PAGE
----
Biggio: HoF consideration 'very humbling'
It’s three letters, but they separate the great from the immortal.
Those letters of course are HOF and in less than 24 hours Craig Biggio, Jeff Bagwell and others will find out if those letters will be tacked on to the end of their names when the 2013 inductees to the Baseball Hall of Fame are announced.
Craig Biggio is in his first year of eligibility, and in an ordinary year would be a shoe in for induction -- 3,060 hits, 668 doubles, 291 home runs, 1,175 RBIs and 1,844 runs scored in a career that spanned 20 seasons, all in a Houston uniform. But this is no ordinary year.
This year a wave of steroid-tainted players is eligible for the first time along with Biggio. Players like Barry Bonds and Roger Clemens are on the ballot and there is no consensus on how hall of fame voters are reacting to it. Some are refusing to turn in a ballot, which affects none of the candidates, while some are boycotting any player from the steroid era, which affects them all because players must be named on at least 75 percent of all votes cast in order to be enshrined.
It is worth noting that Biggio has never been implicated in any steroid probe, but he can’t escape it. Performance enhancing drugs were so pervasive in Major League Baseball in the 1990’s and 2000’s, and both the league and players were so unwilling to address it that some voters can’t exempt anyone from the punishment.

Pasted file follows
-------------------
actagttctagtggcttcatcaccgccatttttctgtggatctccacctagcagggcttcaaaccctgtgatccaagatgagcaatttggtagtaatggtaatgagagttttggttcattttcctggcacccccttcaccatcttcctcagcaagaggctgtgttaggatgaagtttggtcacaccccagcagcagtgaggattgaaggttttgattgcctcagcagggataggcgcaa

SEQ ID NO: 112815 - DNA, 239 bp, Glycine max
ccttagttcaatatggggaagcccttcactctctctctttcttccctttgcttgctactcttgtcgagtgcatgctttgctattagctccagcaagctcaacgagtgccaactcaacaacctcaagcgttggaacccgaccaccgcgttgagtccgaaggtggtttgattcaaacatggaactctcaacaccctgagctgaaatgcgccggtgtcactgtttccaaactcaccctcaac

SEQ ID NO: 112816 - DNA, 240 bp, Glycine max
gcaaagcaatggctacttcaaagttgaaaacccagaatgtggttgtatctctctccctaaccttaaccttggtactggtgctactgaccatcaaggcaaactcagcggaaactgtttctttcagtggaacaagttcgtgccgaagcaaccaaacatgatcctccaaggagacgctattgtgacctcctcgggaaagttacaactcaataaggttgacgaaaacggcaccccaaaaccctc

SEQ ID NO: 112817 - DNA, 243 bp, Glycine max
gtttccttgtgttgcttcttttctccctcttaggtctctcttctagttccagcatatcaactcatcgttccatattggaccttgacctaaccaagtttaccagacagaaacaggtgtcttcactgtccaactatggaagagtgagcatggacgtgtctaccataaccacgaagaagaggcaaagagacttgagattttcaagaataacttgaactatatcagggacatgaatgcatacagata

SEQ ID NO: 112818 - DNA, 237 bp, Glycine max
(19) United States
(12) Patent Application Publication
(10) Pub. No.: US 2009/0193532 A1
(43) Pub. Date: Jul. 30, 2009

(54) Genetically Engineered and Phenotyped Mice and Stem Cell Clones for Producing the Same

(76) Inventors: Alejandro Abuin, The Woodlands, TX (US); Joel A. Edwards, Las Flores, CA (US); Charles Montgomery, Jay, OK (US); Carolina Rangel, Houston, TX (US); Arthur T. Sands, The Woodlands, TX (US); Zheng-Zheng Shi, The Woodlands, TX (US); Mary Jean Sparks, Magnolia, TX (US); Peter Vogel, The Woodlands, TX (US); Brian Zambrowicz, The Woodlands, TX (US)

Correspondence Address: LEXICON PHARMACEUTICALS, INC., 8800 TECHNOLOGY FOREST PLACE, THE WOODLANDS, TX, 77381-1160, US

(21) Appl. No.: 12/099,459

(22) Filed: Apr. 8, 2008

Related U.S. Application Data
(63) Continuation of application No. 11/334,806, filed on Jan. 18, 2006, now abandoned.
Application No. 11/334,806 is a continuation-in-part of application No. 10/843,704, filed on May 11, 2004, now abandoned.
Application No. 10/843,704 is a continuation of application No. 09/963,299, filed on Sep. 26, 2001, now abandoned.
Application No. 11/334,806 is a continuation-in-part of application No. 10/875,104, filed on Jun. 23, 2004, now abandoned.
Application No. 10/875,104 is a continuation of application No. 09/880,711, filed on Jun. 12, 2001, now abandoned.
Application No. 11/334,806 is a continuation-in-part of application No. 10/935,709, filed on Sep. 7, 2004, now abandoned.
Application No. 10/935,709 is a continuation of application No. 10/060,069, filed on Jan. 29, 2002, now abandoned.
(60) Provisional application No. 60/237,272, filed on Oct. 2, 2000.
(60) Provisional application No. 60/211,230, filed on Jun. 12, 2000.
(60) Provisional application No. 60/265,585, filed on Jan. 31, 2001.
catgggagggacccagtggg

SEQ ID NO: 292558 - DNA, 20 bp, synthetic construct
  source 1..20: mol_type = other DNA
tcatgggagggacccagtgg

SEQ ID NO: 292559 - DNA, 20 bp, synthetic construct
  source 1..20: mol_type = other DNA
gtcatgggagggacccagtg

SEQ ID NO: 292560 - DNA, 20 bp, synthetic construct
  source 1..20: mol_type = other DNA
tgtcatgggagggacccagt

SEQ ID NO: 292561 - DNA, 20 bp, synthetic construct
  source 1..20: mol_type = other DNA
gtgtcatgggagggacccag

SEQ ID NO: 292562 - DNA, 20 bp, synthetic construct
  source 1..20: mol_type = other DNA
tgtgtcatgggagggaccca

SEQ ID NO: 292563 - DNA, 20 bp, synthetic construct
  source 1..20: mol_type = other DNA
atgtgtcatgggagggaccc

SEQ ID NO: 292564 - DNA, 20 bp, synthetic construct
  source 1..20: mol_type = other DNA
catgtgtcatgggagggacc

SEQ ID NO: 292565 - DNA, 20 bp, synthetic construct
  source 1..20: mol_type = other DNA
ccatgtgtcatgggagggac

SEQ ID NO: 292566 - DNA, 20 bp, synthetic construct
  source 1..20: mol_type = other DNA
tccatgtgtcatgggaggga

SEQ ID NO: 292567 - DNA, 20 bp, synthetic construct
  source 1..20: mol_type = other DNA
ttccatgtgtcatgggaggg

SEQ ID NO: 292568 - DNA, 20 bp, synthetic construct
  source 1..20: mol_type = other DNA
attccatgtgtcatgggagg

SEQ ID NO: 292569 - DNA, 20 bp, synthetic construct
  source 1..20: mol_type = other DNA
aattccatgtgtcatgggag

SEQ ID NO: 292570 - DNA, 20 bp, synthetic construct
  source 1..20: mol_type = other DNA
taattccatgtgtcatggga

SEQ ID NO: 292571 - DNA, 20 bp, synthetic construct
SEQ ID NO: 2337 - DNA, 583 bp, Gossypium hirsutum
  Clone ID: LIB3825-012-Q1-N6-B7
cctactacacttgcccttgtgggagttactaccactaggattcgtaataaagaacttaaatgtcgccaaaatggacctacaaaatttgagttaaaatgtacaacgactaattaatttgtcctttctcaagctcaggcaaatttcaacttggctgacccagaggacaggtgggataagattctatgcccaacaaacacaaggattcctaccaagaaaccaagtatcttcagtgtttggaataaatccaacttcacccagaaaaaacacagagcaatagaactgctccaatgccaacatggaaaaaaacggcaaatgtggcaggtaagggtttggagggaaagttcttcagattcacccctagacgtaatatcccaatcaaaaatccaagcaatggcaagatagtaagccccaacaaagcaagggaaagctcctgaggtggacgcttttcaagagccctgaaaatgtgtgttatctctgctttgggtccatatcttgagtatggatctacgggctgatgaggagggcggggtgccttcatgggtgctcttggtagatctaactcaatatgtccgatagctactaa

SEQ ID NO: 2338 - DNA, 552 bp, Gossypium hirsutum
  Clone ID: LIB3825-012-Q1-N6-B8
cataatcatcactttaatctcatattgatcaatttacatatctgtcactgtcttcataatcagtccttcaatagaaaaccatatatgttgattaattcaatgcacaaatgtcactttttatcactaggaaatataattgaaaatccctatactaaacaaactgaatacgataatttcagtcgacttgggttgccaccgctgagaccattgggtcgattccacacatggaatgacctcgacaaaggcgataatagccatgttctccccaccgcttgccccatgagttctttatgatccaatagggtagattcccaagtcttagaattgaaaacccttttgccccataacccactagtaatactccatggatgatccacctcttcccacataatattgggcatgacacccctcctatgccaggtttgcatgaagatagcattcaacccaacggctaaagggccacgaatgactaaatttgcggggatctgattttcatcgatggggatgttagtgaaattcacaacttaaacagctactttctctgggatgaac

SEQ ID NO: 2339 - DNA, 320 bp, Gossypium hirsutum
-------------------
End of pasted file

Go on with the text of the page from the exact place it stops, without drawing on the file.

Which, of course, puts Biggio and every player from that era in the untenable position of defending themselves against something from which there is no defense. Without a concrete way to fight back or defend themselves, they sit and are judged by the sins of the many.
For Astros fans, this has been an excruciating process. Biggio and Bagwell were the face of the franchise, and while the pair were unable to deliver a World Series Championship to Houston, Astros fans knew that they were watching something special, Hall of Fame worthy.
Bagwell appeared on the ballot for the first time in December of 2010, and like Biggio had no evidence against him as someone who used PEDs, other than the anecdotal (he had large muscles and hit lots of home runs). Bagwell earned less than 50 percent of the vote. While his number climbed to the mid 50s in last year’s vote, there is a feeling that it will take a few more years for Bagwell to get past the shadow of steroids and earn his enshrinement.
It was supposed to be different with Biggio. While injuries prevented Bagwell from reaching any of the magic numbers, most notably 500 home runs (Bagwell finished his career with 449), Biggio stayed healthy and did everything the right way. He reached what was supposed to be the automatic milestone of 3,000 hits but finds that the finish line to enshrinement moved since his retirement.
There seems little doubt that he will eventually cross that line. The evidence supporting him should outweigh any lingering doubt about those players from the steroid era that haven’t been tied to a positive test.
But it also means that Astros fans will have to wait at least one more year for confirmation of what they knew watching Biggio play for two decades, he is a Hall of Famer.